Last week, while Nauru hosted the annual summit of the Pacific Islands Forum, the government suffered an important legal setback. A judge dismissed all charges in the long-running case of the so-called “Nauru 19” and issued a scathing condemnation of the government.
Australian Judge Geoffrey Muecke excoriated the government in general and Justice Minister David Adeang in particular for actions that he said amounted to “a shameful affront to the rule of law.” He concluded that the government had already determined the defendants guilt, and would do anything it could to convict them.
The case stems from a protest three years ago, after the government suspended three members of parliament for giving interviews critical of the government to foreign media outlets. A crowd that gathered outside the parliament building spilled onto the runway of the airport next door – a flight had to be canceled and some windows were broken by rocks.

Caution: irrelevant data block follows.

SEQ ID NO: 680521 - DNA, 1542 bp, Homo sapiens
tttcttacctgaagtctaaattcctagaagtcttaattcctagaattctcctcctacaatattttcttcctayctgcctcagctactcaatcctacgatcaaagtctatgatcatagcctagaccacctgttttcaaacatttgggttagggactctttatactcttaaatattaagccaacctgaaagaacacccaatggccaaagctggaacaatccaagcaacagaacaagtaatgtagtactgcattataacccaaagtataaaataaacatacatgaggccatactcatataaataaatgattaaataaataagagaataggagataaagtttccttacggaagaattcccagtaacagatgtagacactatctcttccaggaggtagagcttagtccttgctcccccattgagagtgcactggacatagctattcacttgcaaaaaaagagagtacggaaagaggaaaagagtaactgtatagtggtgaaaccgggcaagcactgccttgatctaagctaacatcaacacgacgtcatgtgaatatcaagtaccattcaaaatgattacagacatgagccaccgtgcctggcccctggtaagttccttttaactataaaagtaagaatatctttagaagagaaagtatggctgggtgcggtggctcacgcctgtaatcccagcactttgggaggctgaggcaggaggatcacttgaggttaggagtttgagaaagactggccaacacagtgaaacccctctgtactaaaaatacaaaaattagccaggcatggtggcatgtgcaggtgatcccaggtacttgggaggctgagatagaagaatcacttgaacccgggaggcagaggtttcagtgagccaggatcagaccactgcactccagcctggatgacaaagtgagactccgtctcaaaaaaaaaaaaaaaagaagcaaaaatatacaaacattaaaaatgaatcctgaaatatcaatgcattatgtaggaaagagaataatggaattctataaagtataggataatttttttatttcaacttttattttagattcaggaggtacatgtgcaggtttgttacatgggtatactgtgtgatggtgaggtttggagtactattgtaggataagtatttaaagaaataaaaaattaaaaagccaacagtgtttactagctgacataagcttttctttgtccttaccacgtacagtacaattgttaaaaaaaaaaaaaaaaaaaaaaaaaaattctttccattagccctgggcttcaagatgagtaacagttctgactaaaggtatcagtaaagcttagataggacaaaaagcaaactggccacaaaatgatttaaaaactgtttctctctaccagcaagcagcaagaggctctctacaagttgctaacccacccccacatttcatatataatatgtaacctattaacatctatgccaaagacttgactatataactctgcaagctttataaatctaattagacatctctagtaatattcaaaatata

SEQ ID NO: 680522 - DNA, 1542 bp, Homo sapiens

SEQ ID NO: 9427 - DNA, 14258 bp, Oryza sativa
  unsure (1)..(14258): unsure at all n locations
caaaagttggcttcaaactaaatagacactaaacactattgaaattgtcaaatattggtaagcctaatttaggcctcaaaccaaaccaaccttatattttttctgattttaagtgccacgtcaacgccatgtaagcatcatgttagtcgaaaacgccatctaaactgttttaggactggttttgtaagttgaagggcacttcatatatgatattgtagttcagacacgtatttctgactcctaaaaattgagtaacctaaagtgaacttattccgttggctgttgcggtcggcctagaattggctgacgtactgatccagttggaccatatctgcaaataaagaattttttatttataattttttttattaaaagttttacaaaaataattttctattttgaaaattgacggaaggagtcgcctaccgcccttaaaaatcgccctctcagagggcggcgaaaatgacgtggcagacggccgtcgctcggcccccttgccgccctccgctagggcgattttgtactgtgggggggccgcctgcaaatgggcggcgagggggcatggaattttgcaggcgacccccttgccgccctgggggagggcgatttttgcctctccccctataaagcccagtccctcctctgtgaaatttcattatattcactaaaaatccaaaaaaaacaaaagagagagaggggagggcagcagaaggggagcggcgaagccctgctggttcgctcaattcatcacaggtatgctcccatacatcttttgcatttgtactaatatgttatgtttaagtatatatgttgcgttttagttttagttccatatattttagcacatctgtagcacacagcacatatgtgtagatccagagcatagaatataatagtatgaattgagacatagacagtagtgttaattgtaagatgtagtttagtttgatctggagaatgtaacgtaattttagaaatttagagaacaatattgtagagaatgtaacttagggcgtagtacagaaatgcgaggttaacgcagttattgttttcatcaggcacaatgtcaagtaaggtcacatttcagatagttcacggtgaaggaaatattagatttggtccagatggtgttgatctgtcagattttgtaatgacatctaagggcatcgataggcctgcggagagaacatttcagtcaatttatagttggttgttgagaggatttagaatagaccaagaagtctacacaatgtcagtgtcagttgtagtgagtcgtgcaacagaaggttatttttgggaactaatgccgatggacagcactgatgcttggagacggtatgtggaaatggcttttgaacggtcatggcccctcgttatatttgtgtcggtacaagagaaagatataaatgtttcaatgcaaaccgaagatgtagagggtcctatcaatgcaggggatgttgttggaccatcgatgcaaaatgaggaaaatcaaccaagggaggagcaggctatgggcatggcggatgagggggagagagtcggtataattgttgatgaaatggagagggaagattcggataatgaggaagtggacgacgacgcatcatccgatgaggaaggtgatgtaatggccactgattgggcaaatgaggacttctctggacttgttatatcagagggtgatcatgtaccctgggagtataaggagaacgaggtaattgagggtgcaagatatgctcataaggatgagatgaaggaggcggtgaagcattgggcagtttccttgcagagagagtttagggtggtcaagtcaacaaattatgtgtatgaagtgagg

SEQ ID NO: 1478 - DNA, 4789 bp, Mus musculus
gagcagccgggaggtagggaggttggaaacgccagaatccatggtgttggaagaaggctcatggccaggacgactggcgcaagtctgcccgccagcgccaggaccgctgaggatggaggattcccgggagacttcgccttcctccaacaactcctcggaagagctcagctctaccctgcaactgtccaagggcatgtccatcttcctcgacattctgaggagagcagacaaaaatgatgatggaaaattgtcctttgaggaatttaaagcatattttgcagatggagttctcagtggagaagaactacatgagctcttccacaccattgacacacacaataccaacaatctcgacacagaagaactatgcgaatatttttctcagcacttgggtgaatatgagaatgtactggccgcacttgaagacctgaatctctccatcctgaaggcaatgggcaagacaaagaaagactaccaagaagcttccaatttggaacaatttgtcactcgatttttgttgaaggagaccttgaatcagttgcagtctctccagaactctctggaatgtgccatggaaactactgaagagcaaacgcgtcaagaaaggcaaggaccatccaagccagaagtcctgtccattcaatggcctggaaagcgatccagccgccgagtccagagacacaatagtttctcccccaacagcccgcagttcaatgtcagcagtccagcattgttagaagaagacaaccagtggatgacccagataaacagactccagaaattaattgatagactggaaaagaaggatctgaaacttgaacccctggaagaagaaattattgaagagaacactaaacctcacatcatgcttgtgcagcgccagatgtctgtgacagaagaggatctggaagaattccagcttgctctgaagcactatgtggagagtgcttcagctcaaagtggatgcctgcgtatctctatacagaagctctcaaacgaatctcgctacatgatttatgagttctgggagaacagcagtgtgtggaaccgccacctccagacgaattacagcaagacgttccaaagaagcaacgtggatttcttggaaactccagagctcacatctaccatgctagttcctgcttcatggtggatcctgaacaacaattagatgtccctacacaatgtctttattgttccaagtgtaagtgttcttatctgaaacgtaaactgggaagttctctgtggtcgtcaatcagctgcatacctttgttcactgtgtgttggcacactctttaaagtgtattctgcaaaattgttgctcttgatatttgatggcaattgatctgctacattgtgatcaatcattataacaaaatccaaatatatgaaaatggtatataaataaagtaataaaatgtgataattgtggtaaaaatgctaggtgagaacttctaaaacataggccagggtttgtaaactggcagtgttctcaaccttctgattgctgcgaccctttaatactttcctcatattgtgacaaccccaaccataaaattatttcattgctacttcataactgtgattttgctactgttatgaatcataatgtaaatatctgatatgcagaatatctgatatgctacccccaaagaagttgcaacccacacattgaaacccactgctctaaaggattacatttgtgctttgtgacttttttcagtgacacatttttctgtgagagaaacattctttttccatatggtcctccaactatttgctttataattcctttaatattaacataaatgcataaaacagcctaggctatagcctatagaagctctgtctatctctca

The nineteen arrested included members of parliament, a former foreign minister and a former president. In effect, much of Nauru’s political opposition.
Because there are so few jurists among Nauru’s tiny population, judges are often brought in from the outside and Geoffrey Muecke, the retired chief justice of South Australia, was hired specifically to hear this case. After he ordered the government to pay some of the defendants legal expenses this summer, Justice Minister Adeang vowed to extract the funds from the defendants after their convictions – used a racial slur to attack their lawyers, and he threatened the judge.
"Maybe,” he said, “we have to deal with Justice Muecke.”